Meanwhile, Spalding and his brother began a sporting goods store in Chicago. In 1877, Spalding began to use a glove to protect his catching hand. People had used gloves previously, but never had a star like Spalding used one. Of course, Spalding had an ulterior motive for doing so. He and his brother sold baseball gloves, and wearing one himself was good for business.
In 1876, Spalding won 47 games as the prime pitcher for the Chicago White Stockings, who captured the National League's inaugural pennant by a wide margin.
Spalding published the first official rules guide for baseball. In it he stated that only Spalding balls could be used (previously, the quality of the balls used had been subpar). Spalding also founded the "Baseball Guide," which at the time was the most widely read baseball publication. Spalding retired from playing baseball in 1878, although he continued as a major force as owner of the White Stockings and major influence on the National League. Spalding's .796 career winning percentage (from an era when teams played about once or twice a week) is the highest ever achieved by a baseball pitcher.
In 1888-1889, Spalding took a group of major league players around the world to promote baseball and Spalding sporting goods. Playing across the western U.S., the tour made stops in Hawaii (although no game was played), New Zealand, Australia, Ceylon, Egypt, Italy, France, and England. The tour returned to grand receptions in New York, Philadelphia, and Chicago. The tour included future Hall of Famers Cap Anson and John Montgomery Ward. While the players were on the tour, the National League instituted new rules regarding player pay that led to a revolt of players, led by Ward, who started the Players League the following season (1890). The league lasted one year, partially due to the anti-competitive tactics of Spalding to limit its success.
Spalding's store grew rapidly over the next 25 years, with 14 stores by 1901, expanded from retail into manufacturing baseball equipment and is still a going concern. In 1900 Spalding was appointed by President McKinley as the USA's Commissioner at that year's Summer Olympic Games. In 1905, after Henry Chadwick wrote an article saying that baseball grew from the British sports of cricket and rounders, Spalding called for a commission to find out the real source of baseball. The commission called for citizens who knew anything about the founding of baseball to send in letters. After three years of searching, on December 30, 1907, Spalding received a letter that (erroneously) declared baseball to be the invention of Abner Doubleday. The commission, though, was biased, as Spalding would not appoint anyone to the commission if they believed the sport was somewhat related to the English sport of rounders. Just before the commission, in a letter to sportswriter Tim Murnane, Spalding noted, "Our good old American game of baseball must have an American Dad." The project, later called the Mills Commission, concluded that "Base Ball had its origins in the United States" and "the first scheme for playing baseball, according to the best evidence available to date, was devised by Abner Doubleday at Cooperstown, N.Y., in 1839."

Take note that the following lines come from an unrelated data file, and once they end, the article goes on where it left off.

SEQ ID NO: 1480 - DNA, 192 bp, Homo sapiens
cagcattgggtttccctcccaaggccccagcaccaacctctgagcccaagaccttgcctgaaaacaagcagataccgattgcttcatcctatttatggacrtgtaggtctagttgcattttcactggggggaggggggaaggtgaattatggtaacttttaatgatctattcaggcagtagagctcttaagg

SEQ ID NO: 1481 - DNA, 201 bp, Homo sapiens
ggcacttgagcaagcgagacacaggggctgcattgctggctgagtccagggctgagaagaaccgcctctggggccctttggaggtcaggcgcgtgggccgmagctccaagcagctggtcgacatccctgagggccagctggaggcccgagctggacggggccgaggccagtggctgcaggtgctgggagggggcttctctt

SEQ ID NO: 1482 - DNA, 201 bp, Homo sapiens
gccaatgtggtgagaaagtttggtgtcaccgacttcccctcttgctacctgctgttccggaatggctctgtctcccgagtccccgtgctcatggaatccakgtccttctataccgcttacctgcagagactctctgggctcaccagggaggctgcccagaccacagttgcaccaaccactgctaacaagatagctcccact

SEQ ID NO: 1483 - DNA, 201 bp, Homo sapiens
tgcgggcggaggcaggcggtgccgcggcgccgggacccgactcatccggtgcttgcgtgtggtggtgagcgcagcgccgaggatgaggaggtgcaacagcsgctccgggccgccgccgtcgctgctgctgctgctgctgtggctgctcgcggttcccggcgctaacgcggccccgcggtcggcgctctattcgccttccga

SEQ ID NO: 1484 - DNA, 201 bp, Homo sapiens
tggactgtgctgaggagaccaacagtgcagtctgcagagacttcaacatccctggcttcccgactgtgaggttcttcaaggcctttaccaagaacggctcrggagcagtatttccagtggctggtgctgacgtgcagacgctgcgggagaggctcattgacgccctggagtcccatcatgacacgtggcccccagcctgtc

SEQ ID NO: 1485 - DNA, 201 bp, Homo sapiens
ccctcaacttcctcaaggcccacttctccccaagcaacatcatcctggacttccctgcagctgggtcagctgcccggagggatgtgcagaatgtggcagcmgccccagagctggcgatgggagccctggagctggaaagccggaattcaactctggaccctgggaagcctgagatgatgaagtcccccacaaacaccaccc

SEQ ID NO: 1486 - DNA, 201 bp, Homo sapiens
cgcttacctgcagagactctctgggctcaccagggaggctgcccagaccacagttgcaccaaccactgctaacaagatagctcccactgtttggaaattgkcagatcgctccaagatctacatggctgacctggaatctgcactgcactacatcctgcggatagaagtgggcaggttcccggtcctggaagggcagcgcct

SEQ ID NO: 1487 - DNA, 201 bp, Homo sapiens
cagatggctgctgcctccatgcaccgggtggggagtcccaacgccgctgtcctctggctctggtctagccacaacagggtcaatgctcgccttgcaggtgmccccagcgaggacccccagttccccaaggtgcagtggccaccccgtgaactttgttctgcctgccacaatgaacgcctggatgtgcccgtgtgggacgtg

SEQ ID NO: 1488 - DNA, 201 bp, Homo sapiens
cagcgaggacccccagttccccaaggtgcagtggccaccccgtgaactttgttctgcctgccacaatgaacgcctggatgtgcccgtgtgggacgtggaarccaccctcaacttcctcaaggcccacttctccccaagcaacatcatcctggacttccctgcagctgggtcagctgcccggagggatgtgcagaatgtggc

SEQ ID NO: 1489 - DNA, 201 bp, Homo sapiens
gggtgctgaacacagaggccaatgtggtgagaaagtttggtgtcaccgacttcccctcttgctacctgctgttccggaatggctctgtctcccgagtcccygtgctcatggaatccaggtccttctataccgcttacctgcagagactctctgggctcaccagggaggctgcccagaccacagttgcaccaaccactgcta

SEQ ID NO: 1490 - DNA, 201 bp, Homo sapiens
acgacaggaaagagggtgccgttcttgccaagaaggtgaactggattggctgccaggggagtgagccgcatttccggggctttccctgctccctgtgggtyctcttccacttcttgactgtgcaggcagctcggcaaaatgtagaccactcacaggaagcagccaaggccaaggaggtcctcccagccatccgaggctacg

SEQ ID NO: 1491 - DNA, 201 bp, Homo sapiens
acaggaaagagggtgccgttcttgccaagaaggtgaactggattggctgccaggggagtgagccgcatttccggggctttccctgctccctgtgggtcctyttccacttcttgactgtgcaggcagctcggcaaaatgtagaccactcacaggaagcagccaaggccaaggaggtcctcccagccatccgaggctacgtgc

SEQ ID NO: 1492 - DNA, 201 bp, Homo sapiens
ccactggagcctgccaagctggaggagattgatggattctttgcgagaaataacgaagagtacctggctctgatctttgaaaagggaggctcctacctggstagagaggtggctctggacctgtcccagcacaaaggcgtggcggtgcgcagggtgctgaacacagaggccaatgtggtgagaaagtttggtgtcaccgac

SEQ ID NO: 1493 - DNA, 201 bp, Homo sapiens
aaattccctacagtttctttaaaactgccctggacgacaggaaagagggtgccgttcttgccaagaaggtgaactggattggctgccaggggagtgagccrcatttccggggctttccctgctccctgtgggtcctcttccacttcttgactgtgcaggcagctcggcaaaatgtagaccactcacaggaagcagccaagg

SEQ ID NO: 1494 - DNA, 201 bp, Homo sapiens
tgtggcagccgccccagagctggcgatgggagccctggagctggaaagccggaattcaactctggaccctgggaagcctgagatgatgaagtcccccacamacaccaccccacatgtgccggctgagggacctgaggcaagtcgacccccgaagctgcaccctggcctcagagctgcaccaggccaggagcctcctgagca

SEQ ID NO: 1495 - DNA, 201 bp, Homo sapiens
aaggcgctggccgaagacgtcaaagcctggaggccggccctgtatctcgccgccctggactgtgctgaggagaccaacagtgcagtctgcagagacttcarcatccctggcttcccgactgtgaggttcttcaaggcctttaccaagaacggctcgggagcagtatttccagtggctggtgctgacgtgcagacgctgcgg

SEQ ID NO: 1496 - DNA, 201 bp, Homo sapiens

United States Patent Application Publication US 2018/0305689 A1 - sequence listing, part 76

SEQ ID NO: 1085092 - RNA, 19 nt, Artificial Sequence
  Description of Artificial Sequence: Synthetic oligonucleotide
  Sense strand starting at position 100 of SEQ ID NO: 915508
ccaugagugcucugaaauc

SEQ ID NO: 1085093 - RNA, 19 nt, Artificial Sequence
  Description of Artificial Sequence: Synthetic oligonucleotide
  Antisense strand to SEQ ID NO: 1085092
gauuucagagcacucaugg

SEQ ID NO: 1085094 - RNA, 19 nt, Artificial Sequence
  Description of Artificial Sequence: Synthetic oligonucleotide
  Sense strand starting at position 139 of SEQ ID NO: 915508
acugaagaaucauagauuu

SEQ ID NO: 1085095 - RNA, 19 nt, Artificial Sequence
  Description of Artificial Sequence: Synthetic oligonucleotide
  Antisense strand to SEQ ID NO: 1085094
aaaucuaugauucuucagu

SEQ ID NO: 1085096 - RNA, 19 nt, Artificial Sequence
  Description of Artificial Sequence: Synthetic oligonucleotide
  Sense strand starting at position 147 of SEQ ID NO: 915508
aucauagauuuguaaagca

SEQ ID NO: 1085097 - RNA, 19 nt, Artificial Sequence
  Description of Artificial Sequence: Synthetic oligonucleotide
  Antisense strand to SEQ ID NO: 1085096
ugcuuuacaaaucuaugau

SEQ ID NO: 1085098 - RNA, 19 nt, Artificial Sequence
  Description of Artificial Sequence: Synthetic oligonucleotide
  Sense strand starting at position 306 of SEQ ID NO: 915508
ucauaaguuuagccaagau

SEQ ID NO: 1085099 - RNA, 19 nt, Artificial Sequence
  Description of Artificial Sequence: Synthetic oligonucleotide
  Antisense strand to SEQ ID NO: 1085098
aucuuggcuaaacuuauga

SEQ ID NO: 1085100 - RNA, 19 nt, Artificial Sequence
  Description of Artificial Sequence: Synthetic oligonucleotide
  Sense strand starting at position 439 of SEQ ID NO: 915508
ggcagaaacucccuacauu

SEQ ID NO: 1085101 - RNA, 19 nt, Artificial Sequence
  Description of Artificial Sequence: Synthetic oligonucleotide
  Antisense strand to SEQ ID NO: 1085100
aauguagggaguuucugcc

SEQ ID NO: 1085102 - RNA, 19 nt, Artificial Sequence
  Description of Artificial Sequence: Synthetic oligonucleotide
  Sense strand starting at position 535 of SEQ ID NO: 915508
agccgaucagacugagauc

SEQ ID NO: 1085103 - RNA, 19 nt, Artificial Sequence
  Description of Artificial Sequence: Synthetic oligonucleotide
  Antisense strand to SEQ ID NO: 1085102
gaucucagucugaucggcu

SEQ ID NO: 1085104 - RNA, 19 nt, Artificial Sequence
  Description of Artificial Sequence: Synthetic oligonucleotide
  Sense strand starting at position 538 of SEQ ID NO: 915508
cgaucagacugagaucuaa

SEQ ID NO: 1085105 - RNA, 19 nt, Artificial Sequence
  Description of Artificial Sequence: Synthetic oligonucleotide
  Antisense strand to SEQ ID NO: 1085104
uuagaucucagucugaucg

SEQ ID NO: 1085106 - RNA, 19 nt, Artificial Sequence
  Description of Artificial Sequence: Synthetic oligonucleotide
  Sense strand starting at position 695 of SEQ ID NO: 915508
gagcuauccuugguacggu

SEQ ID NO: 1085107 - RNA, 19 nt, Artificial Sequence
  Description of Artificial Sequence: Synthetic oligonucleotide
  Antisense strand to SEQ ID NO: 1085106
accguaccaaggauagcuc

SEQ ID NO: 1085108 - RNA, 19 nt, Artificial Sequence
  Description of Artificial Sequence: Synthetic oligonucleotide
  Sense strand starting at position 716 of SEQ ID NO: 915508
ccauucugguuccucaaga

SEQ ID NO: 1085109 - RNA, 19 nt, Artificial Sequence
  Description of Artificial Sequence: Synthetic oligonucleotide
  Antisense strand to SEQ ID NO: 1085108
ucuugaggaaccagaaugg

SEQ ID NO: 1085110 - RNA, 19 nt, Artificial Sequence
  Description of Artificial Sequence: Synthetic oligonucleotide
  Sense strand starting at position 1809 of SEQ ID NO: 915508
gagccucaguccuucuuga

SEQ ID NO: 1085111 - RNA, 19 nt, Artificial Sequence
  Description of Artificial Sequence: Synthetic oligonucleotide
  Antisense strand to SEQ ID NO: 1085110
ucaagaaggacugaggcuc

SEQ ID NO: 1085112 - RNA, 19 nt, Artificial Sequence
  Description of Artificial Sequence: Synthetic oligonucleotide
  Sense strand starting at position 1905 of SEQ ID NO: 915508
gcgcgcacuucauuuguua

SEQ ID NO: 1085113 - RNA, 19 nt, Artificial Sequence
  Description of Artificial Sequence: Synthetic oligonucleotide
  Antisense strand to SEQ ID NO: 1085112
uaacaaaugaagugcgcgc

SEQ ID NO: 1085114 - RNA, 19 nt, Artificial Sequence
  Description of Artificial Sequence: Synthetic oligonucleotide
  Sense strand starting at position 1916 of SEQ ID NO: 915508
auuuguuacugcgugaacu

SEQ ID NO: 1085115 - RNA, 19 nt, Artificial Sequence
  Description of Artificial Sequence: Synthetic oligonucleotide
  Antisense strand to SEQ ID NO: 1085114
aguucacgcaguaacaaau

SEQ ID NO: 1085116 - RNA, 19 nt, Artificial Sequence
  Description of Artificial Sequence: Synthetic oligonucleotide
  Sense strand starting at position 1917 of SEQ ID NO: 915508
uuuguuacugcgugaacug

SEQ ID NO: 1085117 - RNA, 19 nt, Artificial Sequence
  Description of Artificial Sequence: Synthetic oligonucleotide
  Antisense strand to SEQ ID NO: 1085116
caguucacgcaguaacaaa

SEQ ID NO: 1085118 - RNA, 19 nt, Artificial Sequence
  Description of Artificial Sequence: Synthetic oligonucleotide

Receiving the archives of Henry Chadwick in 1908, Spalding combined these records with his own memories (and biases) to write "America's National Game" (published 1911) which, despite its flaws, was probably the first scholarly account of the history of baseball.
In 1900, Spalding moved to San Diego and became a prominent member and supporter of the Theosophical community Lomaland, which was being developed on Point Loma by Katherine Tingley. He built an estate in the Sunset Cliffs area of Point Loma where he lived for the rest of his life. He joined with George Marston and other civic-minded businessmen to purchase the site of the original Presidio of San Diego, which they developed as a historic park and eventually donated to the city of San Diego.
He died on September 9, 1915 in San Diego, and was cremated.
He was elected to the Baseball Hall of Fame by the Veterans Committee in 1939, as one of the first inductees from the 19th century at that summer's opening ceremonies. His nephew, also named Albert Spalding, was a renowned violinist.